Vigorous exercise is important for toddlers and children and when combined with being outside it can help children to sleep for longer. Having said this, vigorous exercise just before bed will stimulate children and make it harder for them to sleep.

5. Keep to a routine

Wherever possible, stick to the same routine each night. Children who fall asleep in front of the television one night but in a car another night can become very disorientated. If you realise that your child is not getting enough sleep, move bedtime forward by ten minutes each night over a number of days rather than doing it in one go.


My son has nightmares

Nightmares occur during a period of sleep known as rapid-eye movement. Nightmares are common in children from the age of three years onwards. They can be a result of children becoming overtired or as a result of stress.

Be calm and reassuring if your child has a nightmare, but once totally soothed, put them back in their own bed and listen out until you know that your child has fallen back asleep.

While nightmares are common, do think about whether your child has access to material that is frightening or is becoming overtired. Building a longer bedtime routine that is more relaxing may also help.

My two-year-old son keeps sneaking into our bed in the middle of the night

This is a common problem and, unfortunately, is unlikely to go away by itself. It is linked to those stages of partial awakening in sleep, and instead of self-settling, your child has developed a habit of using you as a sleep aid.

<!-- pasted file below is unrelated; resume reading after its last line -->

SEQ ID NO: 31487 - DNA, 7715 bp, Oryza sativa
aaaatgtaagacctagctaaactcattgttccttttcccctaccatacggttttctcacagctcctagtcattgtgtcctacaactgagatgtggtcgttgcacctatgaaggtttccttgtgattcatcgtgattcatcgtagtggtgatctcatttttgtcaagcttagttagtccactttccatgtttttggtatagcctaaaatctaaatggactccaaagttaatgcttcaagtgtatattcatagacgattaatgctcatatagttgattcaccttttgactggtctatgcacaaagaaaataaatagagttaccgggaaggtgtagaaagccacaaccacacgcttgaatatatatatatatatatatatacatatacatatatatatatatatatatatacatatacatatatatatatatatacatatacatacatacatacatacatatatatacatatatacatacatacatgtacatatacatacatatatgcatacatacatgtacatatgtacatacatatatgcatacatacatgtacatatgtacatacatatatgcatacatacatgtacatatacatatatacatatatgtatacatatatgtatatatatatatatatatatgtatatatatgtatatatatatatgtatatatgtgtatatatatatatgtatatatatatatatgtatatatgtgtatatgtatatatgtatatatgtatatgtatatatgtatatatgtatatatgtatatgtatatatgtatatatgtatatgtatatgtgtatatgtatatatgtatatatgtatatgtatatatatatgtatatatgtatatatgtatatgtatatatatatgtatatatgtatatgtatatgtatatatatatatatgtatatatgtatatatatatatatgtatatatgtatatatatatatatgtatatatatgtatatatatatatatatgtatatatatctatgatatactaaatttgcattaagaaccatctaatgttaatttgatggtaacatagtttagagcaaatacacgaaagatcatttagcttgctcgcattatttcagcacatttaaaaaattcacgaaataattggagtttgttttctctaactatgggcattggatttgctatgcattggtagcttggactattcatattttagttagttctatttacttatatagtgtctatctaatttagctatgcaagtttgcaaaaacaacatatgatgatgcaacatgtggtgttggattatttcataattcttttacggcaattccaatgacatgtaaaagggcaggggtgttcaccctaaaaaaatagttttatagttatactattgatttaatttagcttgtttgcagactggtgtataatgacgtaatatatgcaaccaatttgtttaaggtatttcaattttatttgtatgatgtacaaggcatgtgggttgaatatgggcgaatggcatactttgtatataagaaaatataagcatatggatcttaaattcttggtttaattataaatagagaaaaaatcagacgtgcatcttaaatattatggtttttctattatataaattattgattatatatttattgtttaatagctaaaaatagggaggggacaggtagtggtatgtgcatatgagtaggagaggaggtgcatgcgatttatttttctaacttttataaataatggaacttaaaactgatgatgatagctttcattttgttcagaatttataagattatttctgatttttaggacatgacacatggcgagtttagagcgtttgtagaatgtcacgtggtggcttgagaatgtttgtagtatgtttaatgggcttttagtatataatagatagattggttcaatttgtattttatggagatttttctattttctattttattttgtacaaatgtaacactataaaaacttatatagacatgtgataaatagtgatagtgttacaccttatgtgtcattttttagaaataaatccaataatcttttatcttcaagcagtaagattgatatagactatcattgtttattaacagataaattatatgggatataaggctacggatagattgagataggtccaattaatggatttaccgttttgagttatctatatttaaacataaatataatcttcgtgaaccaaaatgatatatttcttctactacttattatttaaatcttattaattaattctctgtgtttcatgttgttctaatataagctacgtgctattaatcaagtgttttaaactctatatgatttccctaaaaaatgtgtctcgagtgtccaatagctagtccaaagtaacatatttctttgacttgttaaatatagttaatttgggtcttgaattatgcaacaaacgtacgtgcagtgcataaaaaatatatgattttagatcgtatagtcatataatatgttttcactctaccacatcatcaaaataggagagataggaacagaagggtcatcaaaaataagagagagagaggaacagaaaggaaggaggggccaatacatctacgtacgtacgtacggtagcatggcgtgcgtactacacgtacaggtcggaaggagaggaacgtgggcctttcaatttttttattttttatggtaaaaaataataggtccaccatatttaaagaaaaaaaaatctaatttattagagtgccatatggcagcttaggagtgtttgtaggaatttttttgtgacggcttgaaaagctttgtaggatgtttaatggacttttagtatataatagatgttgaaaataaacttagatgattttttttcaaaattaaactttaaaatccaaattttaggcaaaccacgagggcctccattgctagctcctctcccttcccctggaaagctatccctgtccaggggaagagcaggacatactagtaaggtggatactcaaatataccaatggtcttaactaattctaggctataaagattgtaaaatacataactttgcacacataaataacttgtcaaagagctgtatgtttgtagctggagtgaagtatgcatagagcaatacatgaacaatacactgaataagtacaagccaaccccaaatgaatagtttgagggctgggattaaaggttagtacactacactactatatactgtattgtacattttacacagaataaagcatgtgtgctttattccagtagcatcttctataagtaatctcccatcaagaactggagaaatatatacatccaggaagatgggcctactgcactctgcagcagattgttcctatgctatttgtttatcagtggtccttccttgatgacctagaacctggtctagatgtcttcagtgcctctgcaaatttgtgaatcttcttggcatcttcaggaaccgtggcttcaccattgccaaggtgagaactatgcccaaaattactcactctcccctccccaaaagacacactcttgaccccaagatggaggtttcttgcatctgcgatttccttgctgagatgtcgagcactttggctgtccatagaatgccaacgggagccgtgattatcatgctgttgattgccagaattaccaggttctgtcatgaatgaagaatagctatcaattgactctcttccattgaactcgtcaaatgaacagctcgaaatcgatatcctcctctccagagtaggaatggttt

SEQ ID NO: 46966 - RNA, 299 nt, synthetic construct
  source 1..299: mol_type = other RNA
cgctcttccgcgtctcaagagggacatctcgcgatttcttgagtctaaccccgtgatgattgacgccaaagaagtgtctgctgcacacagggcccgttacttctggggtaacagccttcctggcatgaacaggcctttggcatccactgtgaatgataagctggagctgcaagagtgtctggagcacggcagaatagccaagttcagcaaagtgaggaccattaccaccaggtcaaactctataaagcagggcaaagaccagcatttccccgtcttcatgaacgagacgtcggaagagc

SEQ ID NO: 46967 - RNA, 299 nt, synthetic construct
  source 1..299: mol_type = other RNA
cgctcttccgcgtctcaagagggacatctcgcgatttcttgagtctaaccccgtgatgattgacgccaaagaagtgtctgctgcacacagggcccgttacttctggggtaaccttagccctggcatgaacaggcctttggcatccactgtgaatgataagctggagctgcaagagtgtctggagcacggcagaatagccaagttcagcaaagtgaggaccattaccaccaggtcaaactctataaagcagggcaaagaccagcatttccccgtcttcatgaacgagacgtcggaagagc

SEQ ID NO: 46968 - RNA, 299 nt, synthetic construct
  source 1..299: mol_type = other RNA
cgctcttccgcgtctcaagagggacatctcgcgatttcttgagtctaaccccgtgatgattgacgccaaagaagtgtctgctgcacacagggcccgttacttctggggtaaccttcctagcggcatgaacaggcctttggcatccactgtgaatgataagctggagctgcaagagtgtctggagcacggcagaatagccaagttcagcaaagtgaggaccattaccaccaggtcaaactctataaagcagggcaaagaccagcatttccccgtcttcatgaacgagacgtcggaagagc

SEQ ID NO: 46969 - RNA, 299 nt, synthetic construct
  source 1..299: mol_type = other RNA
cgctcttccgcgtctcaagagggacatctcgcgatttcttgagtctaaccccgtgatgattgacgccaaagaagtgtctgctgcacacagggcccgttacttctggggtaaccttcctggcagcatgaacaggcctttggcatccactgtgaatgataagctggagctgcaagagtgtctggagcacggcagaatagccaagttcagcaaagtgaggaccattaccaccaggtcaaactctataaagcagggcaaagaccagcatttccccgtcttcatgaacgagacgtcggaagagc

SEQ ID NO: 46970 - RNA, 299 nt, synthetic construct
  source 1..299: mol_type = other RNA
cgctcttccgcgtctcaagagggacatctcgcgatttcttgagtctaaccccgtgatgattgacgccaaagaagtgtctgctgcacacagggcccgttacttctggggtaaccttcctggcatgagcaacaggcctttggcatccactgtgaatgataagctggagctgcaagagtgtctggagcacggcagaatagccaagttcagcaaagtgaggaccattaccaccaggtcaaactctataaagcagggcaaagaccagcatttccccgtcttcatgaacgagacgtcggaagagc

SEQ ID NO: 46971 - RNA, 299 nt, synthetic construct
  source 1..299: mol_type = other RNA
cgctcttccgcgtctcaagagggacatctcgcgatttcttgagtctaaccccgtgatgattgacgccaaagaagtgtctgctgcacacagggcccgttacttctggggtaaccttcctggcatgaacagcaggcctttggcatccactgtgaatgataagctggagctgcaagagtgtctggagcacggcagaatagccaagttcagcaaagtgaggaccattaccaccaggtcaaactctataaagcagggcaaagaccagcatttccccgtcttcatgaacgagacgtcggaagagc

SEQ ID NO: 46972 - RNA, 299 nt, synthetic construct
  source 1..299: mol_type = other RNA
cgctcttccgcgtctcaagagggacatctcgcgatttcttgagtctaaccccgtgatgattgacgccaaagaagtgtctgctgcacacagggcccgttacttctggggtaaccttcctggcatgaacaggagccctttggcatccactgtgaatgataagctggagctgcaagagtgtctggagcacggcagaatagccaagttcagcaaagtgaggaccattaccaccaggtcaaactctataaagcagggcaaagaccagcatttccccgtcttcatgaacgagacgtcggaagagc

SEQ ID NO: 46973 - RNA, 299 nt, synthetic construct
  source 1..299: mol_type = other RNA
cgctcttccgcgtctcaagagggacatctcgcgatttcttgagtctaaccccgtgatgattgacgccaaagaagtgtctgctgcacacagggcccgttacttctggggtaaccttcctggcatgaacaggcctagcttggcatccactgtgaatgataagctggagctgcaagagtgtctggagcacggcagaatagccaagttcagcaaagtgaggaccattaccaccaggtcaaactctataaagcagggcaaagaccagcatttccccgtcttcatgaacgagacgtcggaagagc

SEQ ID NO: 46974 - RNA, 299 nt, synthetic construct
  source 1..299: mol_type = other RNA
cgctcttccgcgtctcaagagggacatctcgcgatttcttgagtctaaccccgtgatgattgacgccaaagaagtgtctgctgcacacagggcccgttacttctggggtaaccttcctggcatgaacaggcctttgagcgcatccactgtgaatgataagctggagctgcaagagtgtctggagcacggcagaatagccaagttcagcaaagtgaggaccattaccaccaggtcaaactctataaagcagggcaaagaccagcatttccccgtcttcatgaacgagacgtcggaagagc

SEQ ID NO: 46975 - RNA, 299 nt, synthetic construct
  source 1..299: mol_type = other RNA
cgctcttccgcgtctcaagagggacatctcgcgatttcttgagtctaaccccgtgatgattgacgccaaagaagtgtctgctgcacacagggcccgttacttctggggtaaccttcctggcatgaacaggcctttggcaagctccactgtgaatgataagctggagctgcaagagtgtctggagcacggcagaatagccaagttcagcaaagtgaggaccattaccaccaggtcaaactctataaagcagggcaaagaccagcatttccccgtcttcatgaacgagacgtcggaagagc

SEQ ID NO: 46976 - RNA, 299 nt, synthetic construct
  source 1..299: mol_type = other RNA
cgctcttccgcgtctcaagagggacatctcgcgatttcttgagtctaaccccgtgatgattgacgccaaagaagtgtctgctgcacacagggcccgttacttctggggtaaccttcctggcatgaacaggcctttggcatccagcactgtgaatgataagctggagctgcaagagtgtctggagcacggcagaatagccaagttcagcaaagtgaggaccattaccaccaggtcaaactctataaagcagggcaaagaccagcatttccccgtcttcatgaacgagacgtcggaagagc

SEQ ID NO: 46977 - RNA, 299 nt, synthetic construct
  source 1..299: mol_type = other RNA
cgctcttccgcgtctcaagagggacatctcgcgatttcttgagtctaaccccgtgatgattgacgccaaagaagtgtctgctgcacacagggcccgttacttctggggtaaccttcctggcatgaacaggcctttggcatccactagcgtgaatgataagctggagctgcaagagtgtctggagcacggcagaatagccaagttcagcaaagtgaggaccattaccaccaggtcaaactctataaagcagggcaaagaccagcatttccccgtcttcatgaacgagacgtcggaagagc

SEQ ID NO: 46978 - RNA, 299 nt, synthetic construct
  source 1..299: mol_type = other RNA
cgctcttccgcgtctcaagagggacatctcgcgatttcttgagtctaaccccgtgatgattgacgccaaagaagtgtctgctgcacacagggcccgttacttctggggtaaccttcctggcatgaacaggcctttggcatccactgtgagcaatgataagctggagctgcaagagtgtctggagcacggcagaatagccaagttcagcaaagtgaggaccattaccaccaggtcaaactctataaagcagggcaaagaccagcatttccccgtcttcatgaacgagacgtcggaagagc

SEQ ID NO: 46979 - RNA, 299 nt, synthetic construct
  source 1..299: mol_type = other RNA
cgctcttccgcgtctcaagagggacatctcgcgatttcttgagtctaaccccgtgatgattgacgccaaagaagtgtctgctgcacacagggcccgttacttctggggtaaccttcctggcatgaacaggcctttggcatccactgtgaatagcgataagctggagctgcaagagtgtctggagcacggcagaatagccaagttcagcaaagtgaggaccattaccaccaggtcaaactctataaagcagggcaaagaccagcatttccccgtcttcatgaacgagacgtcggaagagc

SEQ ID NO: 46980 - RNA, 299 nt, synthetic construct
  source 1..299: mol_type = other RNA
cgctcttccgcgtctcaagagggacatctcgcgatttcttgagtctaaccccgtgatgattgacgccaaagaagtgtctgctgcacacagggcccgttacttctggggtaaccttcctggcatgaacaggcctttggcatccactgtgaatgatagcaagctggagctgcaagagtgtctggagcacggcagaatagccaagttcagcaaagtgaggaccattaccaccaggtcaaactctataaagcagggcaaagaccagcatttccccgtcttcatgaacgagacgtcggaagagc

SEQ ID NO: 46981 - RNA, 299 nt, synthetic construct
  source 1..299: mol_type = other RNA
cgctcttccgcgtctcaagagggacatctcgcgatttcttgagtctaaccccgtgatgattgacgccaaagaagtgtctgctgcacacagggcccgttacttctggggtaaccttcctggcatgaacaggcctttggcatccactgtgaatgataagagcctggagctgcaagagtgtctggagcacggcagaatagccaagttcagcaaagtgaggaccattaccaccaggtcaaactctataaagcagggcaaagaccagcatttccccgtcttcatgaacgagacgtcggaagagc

The strategy to change this habit is quite simple. Each time your child comes into your room and, ideally, before he reaches your bed, lead him back to his own bed. Avoid eye contact, but do talk to him and give him lots of cuddles. Simply tuck him in and say good night before promptly leaving.

As this strategy does require you to be proactive, start it at a time when you know you can catch up on your own sleep afterwards.

Most children respond to this technique within three or four nights, but it does require total consistency, so that each time the child is taken straight back to their room.

My three-year-old daughter has always slept in my bed. Now I have a new partner, this is causing problems

Firstly, it is worth recognising that this will be a significant change for your daughter if she has always co-slept with you. You will need to make sure that she does not see the move to a separate room as a rejection. Instead, treat this as joint project.